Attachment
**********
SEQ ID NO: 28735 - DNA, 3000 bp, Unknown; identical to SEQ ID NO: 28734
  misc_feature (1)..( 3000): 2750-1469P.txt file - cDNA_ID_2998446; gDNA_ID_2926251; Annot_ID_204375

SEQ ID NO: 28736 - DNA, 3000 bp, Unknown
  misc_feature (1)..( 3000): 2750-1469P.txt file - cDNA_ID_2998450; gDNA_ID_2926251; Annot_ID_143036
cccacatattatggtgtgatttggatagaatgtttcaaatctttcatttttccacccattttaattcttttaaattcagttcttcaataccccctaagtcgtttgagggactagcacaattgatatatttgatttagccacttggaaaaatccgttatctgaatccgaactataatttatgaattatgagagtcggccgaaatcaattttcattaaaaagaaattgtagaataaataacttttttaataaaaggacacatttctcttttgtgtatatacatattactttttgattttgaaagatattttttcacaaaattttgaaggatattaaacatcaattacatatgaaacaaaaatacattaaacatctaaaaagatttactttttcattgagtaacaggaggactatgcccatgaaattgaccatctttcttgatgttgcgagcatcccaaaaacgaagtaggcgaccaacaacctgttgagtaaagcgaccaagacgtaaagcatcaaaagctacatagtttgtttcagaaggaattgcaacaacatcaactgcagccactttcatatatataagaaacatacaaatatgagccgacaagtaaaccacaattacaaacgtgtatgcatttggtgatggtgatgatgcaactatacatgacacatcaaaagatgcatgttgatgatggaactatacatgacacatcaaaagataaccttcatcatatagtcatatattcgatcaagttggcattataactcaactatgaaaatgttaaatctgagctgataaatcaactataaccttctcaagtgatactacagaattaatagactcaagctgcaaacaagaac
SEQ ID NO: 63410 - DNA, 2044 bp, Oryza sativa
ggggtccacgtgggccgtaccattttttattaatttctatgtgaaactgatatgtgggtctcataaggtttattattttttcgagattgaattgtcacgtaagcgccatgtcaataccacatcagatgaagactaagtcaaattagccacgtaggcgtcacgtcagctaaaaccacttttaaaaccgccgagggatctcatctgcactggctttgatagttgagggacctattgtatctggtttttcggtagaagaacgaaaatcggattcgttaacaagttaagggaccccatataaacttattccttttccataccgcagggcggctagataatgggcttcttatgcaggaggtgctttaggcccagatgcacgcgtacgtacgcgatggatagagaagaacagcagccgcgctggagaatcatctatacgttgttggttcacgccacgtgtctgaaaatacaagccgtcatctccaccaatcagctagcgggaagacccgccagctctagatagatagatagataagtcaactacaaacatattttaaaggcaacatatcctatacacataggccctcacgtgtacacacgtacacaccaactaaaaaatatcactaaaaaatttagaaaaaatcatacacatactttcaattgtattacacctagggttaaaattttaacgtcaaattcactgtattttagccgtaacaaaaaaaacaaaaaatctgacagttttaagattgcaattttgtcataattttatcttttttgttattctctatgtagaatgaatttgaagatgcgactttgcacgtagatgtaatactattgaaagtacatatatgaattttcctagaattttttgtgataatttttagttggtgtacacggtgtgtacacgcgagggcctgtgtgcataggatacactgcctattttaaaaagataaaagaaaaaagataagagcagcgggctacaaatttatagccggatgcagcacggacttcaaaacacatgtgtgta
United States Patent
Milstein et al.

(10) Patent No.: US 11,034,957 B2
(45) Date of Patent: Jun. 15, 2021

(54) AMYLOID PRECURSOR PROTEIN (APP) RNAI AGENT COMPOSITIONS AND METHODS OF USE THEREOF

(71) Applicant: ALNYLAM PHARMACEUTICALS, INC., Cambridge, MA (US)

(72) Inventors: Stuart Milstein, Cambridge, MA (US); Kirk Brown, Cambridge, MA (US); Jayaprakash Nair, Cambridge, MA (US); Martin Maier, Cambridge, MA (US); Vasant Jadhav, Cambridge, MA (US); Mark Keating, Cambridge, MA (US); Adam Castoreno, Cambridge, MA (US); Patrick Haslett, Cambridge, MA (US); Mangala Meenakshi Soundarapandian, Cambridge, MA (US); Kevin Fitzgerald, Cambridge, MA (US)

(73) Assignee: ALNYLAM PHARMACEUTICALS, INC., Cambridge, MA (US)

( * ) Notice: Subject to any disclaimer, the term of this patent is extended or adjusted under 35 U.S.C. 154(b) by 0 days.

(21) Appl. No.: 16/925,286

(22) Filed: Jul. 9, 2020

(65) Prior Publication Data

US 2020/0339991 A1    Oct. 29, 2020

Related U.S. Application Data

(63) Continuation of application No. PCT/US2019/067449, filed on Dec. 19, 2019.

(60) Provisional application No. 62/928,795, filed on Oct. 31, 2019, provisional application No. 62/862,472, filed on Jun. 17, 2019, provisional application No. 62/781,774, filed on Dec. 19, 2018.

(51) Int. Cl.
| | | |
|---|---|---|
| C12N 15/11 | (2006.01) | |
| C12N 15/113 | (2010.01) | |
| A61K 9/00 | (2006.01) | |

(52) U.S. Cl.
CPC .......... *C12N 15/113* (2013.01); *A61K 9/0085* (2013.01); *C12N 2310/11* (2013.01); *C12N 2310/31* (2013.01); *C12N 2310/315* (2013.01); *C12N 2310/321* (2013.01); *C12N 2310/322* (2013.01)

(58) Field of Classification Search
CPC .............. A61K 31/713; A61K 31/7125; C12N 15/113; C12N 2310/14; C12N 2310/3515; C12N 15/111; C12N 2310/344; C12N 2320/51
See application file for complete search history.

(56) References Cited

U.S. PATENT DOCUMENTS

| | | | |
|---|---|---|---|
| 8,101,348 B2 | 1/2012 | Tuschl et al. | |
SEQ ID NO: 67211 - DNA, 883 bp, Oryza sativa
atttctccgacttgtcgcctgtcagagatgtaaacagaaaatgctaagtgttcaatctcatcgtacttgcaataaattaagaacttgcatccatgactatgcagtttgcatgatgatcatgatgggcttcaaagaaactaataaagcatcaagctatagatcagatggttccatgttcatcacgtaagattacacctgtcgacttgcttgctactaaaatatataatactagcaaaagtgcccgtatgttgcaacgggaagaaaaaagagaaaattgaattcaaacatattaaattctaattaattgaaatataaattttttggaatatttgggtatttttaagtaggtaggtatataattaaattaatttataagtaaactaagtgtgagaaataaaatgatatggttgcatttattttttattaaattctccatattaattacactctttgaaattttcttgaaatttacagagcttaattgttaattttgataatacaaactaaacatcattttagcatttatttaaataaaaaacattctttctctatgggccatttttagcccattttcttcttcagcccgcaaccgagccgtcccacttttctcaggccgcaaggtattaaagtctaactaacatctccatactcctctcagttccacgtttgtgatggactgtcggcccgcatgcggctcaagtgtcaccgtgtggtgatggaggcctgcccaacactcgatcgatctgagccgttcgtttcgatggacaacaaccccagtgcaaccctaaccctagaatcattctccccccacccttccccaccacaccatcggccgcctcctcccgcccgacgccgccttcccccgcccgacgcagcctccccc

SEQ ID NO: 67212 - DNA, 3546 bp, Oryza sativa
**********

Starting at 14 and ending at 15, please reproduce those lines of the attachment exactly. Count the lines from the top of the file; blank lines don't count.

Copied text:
(72) Inventors: Stuart Milstein, Cambridge, MA (US); Kirk Brown, Cambridge, MA (US); Jayaprakash Nair, Cambridge, MA (US); Martin Maier, Cambridge, MA (US); Vasant Jadhav, Cambridge, MA (US); Mark Keating, Cambridge, MA (US); Adam Castoreno, Cambridge, MA (US); Patrick Haslett, Cambridge, MA (US); Mangala Meenakshi Soundarapandian, Cambridge, MA (US); Kevin Fitzgerald, Cambridge, MA (US)

(73) Assignee: ALNYLAM PHARMACEUTICALS, INC., Cambridge, MA (US)